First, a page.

24 Sep Did you know: the difference between common financial attachments (Part Two) by Shauna O’Toole, MA, CFRE, GPC
Part One of this article covered Financial Statements and the four components (Statement of Financial Position, Statement of Activities, Statement of Functional Expenses, and Statement of Cash Flows). Next, we will cover budgets and other common financial attachments. Remember, these attachments tell your organization’s story just as much as the words in your narrative, so invest adequate time in preparing these files.
Remember, always consult the RFP and the funder’s (or government agency’s) specific format or template for guidance on required attachments and formats.
Hopefully, this two-part guide has demystified financial attachments and given you the confidence to use these documents to your advantage as you tell the story of your organization’s impact.
Do you need more support with budgets? AGS offers professional development webinars on topics like grant budgets and standard federal budget forms that align to GPCI’s competencies and skills. They address multiple skills within a competency, interrelated skills across competencies, or a specific skill within a competency in great detail. All of our courses:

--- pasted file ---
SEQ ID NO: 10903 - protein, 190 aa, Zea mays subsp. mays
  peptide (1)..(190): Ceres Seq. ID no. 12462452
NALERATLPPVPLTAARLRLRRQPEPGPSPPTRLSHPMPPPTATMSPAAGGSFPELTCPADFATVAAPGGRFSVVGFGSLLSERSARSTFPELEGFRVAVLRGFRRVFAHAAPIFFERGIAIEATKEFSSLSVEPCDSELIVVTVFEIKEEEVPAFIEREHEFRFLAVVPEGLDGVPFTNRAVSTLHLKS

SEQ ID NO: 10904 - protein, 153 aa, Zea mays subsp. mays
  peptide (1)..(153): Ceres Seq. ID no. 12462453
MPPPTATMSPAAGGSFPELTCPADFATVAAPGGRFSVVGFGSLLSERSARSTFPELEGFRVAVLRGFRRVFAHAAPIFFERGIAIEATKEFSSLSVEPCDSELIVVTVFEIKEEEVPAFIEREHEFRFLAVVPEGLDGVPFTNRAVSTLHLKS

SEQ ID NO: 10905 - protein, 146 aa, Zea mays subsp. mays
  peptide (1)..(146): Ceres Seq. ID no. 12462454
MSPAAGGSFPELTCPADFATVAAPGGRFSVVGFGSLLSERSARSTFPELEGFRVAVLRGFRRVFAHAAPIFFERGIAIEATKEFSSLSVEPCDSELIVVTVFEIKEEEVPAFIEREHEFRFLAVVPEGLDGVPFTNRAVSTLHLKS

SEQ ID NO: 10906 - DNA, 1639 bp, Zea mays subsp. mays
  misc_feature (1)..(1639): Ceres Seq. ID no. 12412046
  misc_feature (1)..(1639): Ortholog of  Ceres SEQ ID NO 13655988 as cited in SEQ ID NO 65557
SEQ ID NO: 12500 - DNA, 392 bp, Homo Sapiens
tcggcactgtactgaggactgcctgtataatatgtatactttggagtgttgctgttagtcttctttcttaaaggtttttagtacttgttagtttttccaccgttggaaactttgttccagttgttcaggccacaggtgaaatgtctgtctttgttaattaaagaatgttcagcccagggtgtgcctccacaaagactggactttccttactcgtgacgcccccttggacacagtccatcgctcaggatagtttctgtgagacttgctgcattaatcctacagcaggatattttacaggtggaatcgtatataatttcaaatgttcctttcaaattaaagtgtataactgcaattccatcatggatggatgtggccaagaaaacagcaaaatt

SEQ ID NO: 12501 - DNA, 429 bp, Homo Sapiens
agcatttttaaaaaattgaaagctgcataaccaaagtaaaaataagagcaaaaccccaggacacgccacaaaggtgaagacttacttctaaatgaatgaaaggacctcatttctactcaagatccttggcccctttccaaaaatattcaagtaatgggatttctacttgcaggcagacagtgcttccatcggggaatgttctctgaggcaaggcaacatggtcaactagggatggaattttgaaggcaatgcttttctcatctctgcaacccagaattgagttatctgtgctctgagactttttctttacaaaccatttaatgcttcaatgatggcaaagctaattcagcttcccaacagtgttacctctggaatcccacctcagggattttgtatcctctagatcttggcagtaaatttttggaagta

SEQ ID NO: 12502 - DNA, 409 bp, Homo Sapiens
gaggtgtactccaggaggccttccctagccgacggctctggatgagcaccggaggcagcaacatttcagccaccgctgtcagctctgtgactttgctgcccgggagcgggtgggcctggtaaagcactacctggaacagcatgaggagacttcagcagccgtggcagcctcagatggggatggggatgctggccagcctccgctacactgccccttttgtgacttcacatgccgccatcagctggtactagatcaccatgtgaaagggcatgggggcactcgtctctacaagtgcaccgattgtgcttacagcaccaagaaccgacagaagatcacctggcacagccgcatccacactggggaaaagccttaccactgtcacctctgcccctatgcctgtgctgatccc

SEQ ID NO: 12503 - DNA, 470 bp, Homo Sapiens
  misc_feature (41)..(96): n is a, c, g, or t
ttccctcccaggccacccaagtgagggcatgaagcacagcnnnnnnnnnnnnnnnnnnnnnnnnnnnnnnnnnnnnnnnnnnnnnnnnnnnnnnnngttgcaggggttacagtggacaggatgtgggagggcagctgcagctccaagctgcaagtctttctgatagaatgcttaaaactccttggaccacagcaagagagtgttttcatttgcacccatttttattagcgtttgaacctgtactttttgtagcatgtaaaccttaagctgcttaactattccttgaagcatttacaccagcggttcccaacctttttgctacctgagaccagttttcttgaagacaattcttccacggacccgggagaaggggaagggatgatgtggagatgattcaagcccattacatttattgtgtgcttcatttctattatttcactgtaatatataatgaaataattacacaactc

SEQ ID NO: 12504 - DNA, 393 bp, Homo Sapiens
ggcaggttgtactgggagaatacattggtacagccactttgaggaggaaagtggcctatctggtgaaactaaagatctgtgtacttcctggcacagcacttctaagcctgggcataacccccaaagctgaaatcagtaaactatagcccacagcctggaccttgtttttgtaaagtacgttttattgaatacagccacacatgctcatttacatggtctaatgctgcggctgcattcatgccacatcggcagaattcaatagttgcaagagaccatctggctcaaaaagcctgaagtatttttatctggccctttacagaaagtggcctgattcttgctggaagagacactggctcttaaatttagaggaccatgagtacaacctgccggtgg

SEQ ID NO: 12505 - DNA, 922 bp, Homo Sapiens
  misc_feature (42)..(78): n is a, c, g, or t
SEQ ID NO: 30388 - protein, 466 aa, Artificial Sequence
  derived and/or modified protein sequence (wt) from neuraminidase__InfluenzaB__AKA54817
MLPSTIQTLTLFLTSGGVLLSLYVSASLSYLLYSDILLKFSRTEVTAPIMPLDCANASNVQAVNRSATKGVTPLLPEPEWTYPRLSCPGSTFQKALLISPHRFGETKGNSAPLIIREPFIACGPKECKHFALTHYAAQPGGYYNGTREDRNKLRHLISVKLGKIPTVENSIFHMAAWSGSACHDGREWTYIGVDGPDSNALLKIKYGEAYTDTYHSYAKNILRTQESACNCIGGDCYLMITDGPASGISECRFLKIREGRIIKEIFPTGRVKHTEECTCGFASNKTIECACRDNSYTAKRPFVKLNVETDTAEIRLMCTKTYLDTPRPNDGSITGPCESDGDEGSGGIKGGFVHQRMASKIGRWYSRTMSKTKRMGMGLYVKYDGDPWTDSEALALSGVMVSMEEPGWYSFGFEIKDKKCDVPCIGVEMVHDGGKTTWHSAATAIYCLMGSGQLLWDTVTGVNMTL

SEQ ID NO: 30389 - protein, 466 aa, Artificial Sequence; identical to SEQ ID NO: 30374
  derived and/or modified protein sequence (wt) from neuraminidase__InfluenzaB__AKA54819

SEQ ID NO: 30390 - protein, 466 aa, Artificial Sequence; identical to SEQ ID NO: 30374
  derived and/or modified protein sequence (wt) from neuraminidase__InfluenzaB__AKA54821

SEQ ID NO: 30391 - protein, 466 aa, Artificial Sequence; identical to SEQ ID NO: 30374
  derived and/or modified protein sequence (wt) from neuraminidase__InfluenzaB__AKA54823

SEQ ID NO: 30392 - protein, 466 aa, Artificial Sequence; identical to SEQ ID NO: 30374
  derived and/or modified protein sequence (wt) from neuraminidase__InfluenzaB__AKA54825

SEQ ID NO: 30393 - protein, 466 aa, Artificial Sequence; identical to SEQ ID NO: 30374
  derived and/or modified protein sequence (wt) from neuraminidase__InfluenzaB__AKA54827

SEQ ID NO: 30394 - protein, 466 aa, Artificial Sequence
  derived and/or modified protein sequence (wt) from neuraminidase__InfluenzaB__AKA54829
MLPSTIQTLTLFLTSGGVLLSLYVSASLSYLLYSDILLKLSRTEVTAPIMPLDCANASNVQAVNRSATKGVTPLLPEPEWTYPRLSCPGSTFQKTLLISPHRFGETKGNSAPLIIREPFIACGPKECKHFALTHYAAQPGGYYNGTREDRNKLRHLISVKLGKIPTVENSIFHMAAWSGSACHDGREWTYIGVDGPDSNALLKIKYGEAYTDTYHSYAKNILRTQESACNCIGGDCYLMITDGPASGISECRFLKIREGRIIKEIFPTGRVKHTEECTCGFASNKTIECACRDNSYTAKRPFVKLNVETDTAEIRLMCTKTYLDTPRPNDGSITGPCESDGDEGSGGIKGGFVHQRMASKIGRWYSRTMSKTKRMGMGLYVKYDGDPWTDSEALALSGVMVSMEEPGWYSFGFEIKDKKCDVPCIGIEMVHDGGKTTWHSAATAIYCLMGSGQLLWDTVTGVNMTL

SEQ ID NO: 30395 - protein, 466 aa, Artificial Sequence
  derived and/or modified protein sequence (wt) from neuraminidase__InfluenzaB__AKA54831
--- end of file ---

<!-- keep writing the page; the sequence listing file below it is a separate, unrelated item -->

- Align with GPCI competencies;
- Are approved for CEUs by GPCI and CFRE International; and
- Are led by nationally recognized GPA-approved trainers.
This BLOG is aligned with the Grant Professional Certification Institute’s Competencies and Skills
Competency #2: Knowledge of organizational development as it pertains to grant seeking.
Skill 2.1: Assess organizations’ capacity for grant seeking.
Competency #3: Knowledge of strategies for effective program and project design and development
Skill 3.3: Identify strategies for educating key personnel about financial and programmatic accountability to comply with funder requirements.
Competency #4: Knowledge of how to craft, construct, and submit an effective grant application
Skill 4.8: Identify effective practices for developing realistic, accurate line-item and narrative budgets and for expressing the relationship between line-items and project activities in the budget narrative.
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